> large washers attached under the heads. There is a small piece


      > attached to the bottom that overhangs the double cabin doors.


      > The forward support is 3/4" plywood that replaces the top board in


      > the drop board door. It is also has top edges covered with foam pipe


      > insulation.


      > All the shock cords are built into the cover and just stretch over a


      > single hook on each of the end supports.


      > Setup and takedown takes just a couple of minutes and the top seems


      > to fall into place one I figure out in and out and front and back.


      >


      > I also have a 1/4" top similar to what Max has, only not hinged,
      that


      > I use for trailering and would probably leave on if the weather was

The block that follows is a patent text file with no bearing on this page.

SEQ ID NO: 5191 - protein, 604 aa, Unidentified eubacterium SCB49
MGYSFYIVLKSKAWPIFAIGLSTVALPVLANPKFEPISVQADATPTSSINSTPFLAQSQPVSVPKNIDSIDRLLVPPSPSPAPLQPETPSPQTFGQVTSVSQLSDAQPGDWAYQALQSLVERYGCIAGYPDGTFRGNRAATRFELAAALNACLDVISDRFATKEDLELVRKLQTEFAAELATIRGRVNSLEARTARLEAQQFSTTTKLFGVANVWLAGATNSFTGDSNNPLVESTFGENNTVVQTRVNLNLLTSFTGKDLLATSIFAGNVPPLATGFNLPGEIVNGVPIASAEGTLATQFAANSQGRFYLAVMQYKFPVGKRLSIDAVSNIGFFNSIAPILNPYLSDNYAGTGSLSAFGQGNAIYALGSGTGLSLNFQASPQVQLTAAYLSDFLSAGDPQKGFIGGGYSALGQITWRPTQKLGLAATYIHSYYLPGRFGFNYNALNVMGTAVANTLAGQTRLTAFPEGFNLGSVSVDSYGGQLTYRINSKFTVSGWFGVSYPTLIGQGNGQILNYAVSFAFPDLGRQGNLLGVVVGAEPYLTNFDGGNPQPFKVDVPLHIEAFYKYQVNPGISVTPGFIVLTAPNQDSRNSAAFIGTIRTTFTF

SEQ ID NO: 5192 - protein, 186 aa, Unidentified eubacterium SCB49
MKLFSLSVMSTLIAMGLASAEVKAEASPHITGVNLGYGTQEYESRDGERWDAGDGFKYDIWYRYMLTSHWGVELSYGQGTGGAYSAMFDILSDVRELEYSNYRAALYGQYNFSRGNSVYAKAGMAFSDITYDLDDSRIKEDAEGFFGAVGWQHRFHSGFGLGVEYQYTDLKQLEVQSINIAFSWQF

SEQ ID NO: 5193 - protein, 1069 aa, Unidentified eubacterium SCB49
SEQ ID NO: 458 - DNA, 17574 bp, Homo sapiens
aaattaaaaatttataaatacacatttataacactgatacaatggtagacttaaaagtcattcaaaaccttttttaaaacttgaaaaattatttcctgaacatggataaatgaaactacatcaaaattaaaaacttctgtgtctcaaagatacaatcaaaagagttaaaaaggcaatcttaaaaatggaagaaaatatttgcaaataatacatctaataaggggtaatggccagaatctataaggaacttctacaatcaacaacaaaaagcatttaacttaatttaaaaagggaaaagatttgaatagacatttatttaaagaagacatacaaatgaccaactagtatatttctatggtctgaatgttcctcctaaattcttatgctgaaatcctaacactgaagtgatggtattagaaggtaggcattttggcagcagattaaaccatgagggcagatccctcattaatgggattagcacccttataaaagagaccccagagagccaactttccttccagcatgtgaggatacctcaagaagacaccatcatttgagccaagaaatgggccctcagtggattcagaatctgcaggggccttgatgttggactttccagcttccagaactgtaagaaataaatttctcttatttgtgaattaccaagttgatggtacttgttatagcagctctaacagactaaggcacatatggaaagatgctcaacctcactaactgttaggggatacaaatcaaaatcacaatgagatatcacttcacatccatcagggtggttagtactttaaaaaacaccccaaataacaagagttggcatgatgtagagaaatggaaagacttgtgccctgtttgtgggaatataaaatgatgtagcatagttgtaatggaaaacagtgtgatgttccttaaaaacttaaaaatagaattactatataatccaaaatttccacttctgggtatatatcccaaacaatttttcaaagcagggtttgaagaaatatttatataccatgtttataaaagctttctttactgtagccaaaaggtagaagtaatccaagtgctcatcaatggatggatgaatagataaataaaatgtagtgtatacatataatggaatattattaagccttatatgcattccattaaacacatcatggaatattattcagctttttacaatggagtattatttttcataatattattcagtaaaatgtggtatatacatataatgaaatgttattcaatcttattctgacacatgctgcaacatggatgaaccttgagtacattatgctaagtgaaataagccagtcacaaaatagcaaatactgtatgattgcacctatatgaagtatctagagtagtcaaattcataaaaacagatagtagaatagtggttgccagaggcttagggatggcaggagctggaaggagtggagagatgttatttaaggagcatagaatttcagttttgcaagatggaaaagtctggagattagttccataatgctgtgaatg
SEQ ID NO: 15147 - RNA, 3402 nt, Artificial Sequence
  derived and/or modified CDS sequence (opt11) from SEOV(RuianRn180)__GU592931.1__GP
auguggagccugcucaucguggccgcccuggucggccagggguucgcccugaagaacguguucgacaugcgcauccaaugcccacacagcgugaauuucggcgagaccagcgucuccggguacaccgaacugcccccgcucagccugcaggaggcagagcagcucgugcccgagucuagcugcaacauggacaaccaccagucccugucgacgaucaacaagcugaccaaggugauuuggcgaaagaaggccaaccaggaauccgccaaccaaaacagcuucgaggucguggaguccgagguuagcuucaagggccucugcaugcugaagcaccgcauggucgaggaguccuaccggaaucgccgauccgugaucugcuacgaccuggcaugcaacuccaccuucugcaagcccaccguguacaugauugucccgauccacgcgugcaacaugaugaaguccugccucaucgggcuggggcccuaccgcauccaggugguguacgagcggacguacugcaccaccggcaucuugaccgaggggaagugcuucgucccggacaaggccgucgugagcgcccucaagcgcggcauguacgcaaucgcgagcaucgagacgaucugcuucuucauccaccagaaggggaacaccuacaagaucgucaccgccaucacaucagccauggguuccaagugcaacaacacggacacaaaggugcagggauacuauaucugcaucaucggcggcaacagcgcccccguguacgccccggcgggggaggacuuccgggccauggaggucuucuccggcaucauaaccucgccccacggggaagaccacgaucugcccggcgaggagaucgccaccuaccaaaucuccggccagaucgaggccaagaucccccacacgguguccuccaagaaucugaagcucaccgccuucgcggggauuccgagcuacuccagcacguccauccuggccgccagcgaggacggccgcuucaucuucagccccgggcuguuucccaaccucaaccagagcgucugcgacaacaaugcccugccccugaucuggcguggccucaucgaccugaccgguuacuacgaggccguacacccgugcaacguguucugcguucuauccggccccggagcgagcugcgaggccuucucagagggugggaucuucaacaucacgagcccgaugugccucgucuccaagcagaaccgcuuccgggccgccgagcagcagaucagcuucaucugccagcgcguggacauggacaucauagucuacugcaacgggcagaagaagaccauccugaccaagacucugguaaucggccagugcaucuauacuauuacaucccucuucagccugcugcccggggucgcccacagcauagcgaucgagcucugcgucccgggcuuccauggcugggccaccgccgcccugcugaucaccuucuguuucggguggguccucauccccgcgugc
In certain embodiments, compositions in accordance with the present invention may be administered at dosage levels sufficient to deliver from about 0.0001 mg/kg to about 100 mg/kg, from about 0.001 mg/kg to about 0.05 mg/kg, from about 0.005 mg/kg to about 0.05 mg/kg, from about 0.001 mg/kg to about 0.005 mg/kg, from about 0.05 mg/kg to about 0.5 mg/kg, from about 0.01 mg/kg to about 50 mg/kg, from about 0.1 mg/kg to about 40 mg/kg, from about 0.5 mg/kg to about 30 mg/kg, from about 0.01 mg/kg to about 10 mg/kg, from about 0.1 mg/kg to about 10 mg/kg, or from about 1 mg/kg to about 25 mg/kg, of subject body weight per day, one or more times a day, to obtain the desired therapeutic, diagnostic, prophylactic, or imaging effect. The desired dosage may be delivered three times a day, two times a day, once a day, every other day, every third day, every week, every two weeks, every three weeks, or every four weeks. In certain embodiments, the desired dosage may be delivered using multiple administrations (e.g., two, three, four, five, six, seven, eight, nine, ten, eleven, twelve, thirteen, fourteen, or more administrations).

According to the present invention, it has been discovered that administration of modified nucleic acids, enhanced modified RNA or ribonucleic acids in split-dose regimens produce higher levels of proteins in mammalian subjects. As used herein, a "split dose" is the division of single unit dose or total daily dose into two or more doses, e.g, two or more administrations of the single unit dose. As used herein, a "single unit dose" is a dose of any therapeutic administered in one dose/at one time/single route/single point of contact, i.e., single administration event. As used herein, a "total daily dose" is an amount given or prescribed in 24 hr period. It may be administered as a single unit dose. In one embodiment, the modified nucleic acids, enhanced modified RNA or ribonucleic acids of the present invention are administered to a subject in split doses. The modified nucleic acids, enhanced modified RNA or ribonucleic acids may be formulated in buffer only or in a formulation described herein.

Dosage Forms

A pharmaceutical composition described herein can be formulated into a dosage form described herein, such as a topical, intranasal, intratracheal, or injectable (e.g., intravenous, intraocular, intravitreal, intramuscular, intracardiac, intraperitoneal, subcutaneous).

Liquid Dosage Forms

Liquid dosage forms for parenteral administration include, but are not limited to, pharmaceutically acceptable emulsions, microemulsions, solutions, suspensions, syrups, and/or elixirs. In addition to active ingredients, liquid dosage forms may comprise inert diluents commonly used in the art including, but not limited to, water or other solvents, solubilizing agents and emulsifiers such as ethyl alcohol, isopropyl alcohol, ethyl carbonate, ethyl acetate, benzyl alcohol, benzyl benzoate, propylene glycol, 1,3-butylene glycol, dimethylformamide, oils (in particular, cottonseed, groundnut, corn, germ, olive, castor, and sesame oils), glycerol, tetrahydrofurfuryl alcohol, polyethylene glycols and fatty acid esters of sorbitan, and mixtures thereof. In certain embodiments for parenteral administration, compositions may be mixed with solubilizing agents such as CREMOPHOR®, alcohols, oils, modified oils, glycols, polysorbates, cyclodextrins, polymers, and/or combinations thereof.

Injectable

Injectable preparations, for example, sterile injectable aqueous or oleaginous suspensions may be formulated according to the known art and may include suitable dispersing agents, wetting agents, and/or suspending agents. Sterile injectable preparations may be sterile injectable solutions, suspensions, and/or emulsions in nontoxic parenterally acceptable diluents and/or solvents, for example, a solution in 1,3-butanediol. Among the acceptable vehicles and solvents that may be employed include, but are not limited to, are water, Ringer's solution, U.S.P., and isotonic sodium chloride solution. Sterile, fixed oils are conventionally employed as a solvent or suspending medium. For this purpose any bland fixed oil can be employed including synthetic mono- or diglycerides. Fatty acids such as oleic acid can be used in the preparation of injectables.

> going to be real bad. (But I don't plan to be out in Real Bad


      > weather.)


      >


      > The Cabin has low side seats that were designed to take 9" high


      > tucker totes under.


      > We have decided to not use the tote tops. They just get in the way


      > and are not Really needed.


      > 3 Large (9" high) totes and one smaller one on the forward, port
      side.


      > Sleeping bags are stored under a hinged cover at the forward


      > Starboard side. Rolled up Thermorest self inflating mattresses store


      > at the aft end of the Port side compartment.


      > Just barely sitting headroom for me, but Enough at the aft end.


      > Should have made the cabin an inch or two higher. It is only 4"
      above